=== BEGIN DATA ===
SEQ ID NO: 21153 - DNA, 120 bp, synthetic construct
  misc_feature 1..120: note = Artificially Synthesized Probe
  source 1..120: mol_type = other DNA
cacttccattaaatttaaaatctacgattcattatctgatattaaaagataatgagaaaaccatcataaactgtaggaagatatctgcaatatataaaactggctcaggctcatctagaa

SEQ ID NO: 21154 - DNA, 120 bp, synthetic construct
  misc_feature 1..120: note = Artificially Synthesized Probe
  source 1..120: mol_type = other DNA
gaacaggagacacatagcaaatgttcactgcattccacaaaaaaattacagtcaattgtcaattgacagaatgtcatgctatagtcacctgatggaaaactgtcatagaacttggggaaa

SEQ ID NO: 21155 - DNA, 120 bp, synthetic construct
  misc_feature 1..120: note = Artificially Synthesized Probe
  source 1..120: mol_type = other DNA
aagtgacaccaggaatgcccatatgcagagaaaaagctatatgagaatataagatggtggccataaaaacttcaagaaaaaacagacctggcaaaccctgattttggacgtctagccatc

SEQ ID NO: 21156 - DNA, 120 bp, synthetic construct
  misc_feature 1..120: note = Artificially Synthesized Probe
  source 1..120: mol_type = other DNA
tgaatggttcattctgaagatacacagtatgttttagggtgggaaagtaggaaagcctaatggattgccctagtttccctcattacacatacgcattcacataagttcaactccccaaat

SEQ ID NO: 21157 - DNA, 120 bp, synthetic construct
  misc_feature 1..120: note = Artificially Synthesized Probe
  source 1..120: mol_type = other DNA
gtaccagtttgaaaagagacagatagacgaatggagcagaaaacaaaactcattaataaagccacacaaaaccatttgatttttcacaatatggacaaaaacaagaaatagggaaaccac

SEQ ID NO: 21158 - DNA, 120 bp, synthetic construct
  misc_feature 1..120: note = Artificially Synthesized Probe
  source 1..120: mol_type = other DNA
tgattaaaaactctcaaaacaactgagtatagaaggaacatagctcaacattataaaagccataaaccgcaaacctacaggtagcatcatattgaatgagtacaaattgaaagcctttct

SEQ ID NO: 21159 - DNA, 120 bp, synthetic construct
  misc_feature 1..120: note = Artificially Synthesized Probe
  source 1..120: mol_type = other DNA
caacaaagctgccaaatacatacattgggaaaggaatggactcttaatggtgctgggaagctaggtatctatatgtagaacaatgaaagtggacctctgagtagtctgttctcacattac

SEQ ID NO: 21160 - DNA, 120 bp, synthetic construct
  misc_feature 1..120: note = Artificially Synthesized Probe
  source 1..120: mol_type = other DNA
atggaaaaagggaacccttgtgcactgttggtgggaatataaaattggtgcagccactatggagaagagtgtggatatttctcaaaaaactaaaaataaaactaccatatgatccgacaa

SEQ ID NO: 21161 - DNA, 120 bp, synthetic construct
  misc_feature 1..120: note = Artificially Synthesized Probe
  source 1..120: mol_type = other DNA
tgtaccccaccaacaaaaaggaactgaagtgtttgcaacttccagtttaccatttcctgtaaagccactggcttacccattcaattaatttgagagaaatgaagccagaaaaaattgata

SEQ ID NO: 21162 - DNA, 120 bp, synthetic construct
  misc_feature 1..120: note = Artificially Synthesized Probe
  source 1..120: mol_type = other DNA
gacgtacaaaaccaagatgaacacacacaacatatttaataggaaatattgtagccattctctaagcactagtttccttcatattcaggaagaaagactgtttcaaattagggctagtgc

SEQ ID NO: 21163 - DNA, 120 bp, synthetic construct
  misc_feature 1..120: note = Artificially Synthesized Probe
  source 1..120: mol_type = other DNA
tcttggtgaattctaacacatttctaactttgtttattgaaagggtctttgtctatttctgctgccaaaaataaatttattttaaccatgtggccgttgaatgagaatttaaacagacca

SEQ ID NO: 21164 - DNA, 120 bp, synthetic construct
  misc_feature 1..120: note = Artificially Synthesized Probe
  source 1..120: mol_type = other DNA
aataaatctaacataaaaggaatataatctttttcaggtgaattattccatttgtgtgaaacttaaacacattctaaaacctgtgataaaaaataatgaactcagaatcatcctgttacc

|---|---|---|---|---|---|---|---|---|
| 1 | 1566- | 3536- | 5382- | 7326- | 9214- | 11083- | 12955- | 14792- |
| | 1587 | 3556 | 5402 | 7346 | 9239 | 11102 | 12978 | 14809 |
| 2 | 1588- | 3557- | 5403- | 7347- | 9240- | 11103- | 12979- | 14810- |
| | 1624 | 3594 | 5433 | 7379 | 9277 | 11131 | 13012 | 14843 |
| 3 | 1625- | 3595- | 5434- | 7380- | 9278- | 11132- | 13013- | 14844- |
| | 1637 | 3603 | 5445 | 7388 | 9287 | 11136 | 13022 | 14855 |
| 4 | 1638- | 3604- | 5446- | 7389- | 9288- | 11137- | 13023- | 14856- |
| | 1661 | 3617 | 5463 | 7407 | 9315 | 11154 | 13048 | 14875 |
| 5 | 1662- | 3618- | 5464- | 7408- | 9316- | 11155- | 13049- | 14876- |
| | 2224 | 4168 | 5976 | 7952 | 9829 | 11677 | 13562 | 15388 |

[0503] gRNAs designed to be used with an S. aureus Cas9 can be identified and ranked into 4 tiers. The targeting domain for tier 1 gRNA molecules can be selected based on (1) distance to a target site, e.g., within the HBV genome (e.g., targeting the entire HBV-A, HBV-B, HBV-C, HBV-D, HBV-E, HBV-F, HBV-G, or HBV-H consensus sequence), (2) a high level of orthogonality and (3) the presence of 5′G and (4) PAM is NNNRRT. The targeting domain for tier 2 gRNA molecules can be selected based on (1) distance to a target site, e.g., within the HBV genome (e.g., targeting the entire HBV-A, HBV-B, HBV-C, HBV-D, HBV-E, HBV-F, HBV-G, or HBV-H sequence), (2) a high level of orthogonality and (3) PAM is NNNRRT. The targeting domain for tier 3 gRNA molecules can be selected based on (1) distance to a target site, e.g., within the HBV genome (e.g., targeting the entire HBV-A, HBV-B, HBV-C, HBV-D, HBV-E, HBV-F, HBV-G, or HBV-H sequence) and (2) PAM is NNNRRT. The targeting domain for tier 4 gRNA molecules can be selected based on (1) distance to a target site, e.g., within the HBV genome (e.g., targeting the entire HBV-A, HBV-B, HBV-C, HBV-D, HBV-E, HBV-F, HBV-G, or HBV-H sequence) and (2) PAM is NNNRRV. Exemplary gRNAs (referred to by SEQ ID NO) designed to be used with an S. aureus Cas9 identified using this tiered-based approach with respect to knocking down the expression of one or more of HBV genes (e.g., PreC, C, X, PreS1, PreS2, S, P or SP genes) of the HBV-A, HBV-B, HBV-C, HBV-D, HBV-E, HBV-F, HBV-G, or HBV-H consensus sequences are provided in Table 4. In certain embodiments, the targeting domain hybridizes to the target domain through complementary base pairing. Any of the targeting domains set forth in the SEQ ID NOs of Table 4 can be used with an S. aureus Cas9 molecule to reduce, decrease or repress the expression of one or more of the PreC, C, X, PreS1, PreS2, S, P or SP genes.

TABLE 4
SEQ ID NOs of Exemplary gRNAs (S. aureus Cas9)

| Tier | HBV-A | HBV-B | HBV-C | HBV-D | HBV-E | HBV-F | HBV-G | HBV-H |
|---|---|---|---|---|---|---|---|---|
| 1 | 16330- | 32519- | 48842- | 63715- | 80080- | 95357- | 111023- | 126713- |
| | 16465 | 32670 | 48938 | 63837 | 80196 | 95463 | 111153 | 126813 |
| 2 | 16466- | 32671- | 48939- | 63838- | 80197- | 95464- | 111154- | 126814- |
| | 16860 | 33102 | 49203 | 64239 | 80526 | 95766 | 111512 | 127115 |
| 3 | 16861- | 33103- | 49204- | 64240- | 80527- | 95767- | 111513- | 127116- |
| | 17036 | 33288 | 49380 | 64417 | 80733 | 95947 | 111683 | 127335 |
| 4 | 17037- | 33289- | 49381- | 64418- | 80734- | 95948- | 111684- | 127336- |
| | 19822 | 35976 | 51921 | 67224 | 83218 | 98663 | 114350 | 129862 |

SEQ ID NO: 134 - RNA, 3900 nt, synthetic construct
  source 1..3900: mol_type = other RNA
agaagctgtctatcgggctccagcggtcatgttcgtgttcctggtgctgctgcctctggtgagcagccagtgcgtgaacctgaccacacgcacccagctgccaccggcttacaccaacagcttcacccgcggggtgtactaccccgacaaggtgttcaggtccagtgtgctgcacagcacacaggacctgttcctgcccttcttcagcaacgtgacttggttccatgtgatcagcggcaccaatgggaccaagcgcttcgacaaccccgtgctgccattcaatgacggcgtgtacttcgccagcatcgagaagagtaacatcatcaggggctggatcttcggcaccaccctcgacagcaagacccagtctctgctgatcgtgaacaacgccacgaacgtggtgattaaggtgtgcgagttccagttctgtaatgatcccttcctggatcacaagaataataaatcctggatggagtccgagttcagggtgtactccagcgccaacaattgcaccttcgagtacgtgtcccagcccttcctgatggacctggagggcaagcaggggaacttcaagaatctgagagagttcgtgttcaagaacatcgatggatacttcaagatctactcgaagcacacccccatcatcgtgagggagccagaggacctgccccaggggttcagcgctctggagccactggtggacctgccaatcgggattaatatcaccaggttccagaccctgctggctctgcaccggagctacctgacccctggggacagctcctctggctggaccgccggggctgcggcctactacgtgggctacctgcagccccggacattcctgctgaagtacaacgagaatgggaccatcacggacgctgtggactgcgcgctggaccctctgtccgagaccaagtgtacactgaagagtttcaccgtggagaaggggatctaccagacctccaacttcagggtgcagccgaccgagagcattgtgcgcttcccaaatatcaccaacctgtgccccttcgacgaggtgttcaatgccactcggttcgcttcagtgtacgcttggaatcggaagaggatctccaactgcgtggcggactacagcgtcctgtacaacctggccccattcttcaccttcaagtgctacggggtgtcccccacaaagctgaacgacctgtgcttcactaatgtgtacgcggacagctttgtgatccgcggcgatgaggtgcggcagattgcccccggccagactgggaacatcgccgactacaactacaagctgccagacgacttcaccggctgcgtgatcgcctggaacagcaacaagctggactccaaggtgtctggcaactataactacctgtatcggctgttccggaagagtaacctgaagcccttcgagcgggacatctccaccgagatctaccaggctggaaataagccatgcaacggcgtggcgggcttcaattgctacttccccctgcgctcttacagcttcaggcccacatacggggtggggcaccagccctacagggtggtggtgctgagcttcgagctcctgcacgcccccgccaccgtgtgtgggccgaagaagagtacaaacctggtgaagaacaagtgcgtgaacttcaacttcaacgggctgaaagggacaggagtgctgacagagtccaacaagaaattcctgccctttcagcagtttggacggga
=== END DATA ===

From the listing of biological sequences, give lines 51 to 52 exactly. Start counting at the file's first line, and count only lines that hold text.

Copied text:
| | 1587 | 3556 | 5402 | 7346 | 9239 | 11102 | 12978 | 14809 |
| 2 | 1588- | 3557- | 5403- | 7347- | 9240- | 11103- | 12979- | 14810- |